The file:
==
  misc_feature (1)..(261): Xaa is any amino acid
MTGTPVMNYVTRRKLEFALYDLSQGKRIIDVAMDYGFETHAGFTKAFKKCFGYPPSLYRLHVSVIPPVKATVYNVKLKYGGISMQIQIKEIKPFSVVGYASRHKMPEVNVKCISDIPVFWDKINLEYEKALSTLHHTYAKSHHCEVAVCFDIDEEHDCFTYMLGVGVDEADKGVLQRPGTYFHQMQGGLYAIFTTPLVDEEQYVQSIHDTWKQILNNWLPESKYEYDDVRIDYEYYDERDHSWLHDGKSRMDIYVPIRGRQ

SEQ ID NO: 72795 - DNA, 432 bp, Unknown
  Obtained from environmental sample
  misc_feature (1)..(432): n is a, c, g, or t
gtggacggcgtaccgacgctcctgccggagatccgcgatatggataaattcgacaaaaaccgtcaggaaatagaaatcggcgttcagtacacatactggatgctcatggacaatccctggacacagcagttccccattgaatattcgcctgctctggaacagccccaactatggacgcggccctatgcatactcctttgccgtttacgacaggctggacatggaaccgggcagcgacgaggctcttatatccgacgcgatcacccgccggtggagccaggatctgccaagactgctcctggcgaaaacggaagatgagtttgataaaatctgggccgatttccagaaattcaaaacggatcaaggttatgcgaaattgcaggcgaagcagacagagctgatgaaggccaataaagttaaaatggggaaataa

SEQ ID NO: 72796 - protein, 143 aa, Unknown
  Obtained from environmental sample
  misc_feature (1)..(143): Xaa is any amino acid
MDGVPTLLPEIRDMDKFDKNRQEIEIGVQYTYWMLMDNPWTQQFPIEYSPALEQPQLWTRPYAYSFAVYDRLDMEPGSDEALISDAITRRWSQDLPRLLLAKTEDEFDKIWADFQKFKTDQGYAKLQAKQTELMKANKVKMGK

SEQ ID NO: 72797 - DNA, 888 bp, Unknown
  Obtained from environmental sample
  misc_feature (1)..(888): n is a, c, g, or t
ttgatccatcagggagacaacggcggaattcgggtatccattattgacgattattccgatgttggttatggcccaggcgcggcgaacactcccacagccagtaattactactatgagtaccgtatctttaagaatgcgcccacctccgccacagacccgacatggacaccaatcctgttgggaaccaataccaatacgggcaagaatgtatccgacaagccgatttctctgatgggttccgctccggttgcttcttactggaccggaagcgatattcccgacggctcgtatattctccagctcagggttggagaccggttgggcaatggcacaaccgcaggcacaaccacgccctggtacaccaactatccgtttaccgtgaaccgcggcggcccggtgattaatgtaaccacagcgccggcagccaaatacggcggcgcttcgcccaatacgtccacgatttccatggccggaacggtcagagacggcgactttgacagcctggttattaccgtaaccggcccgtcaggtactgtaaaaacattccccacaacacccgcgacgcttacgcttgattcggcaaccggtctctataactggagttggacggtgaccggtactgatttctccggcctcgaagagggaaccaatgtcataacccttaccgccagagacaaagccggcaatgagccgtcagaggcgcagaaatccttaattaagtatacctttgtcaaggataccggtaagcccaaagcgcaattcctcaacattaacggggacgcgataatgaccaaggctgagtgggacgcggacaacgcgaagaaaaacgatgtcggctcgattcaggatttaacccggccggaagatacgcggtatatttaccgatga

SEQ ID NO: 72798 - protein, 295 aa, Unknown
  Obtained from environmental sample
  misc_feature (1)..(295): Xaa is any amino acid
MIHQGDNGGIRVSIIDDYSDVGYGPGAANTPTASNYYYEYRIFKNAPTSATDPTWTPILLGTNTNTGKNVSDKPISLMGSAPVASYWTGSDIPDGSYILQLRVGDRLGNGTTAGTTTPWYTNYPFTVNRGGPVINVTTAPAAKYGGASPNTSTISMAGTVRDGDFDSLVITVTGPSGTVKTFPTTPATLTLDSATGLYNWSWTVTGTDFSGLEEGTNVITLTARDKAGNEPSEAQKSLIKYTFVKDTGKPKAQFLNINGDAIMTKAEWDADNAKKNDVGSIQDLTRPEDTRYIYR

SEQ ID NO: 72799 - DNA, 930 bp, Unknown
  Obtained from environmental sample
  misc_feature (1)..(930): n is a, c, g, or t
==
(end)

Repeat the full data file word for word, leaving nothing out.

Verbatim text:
  misc_feature (1)..(261): Xaa is any amino acid
MTGTPVMNYVTRRKLEFALYDLSQGKRIIDVAMDYGFETHAGFTKAFKKCFGYPPSLYRLHVSVIPPVKATVYNVKLKYGGISMQIQIKEIKPFSVVGYASRHKMPEVNVKCISDIPVFWDKINLEYEKALSTLHHTYAKSHHCEVAVCFDIDEEHDCFTYMLGVGVDEADKGVLQRPGTYFHQMQGGLYAIFTTPLVDEEQYVQSIHDTWKQILNNWLPESKYEYDDVRIDYEYYDERDHSWLHDGKSRMDIYVPIRGRQ

SEQ ID NO: 72795 - DNA, 432 bp, Unknown
  Obtained from environmental sample
  misc_feature (1)..(432): n is a, c, g, or t
gtggacggcgtaccgacgctcctgccggagatccgcgatatggataaattcgacaaaaaccgtcaggaaatagaaatcggcgttcagtacacatactggatgctcatggacaatccctggacacagcagttccccattgaatattcgcctgctctggaacagccccaactatggacgcggccctatgcatactcctttgccgtttacgacaggctggacatggaaccgggcagcgacgaggctcttatatccgacgcgatcacccgccggtggagccaggatctgccaagactgctcctggcgaaaacggaagatgagtttgataaaatctgggccgatttccagaaattcaaaacggatcaaggttatgcgaaattgcaggcgaagcagacagagctgatgaaggccaataaagttaaaatggggaaataa

SEQ ID NO: 72796 - protein, 143 aa, Unknown
  Obtained from environmental sample
  misc_feature (1)..(143): Xaa is any amino acid
MDGVPTLLPEIRDMDKFDKNRQEIEIGVQYTYWMLMDNPWTQQFPIEYSPALEQPQLWTRPYAYSFAVYDRLDMEPGSDEALISDAITRRWSQDLPRLLLAKTEDEFDKIWADFQKFKTDQGYAKLQAKQTELMKANKVKMGK

SEQ ID NO: 72797 - DNA, 888 bp, Unknown
  Obtained from environmental sample
  misc_feature (1)..(888): n is a, c, g, or t
ttgatccatcagggagacaacggcggaattcgggtatccattattgacgattattccgatgttggttatggcccaggcgcggcgaacactcccacagccagtaattactactatgagtaccgtatctttaagaatgcgcccacctccgccacagacccgacatggacaccaatcctgttgggaaccaataccaatacgggcaagaatgtatccgacaagccgatttctctgatgggttccgctccggttgcttcttactggaccggaagcgatattcccgacggctcgtatattctccagctcagggttggagaccggttgggcaatggcacaaccgcaggcacaaccacgccctggtacaccaactatccgtttaccgtgaaccgcggcggcccggtgattaatgtaaccacagcgccggcagccaaatacggcggcgcttcgcccaatacgtccacgatttccatggccggaacggtcagagacggcgactttgacagcctggttattaccgtaaccggcccgtcaggtactgtaaaaacattccccacaacacccgcgacgcttacgcttgattcggcaaccggtctctataactggagttggacggtgaccggtactgatttctccggcctcgaagagggaaccaatgtcataacccttaccgccagagacaaagccggcaatgagccgtcagaggcgcagaaatccttaattaagtatacctttgtcaaggataccggtaagcccaaagcgcaattcctcaacattaacggggacgcgataatgaccaaggctgagtgggacgcggacaacgcgaagaaaaacgatgtcggctcgattcaggatttaacccggccggaagatacgcggtatatttaccgatga

SEQ ID NO: 72798 - protein, 295 aa, Unknown
  Obtained from environmental sample
  misc_feature (1)..(295): Xaa is any amino acid
MIHQGDNGGIRVSIIDDYSDVGYGPGAANTPTASNYYYEYRIFKNAPTSATDPTWTPILLGTNTNTGKNVSDKPISLMGSAPVASYWTGSDIPDGSYILQLRVGDRLGNGTTAGTTTPWYTNYPFTVNRGGPVINVTTAPAAKYGGASPNTSTISMAGTVRDGDFDSLVITVTGPSGTVKTFPTTPATLTLDSATGLYNWSWTVTGTDFSGLEEGTNVITLTARDKAGNEPSEAQKSLIKYTFVKDTGKPKAQFLNINGDAIMTKAEWDADNAKKNDVGSIQDLTRPEDTRYIYR

SEQ ID NO: 72799 - DNA, 930 bp, Unknown
  Obtained from environmental sample
  misc_feature (1)..(930): n is a, c, g, or t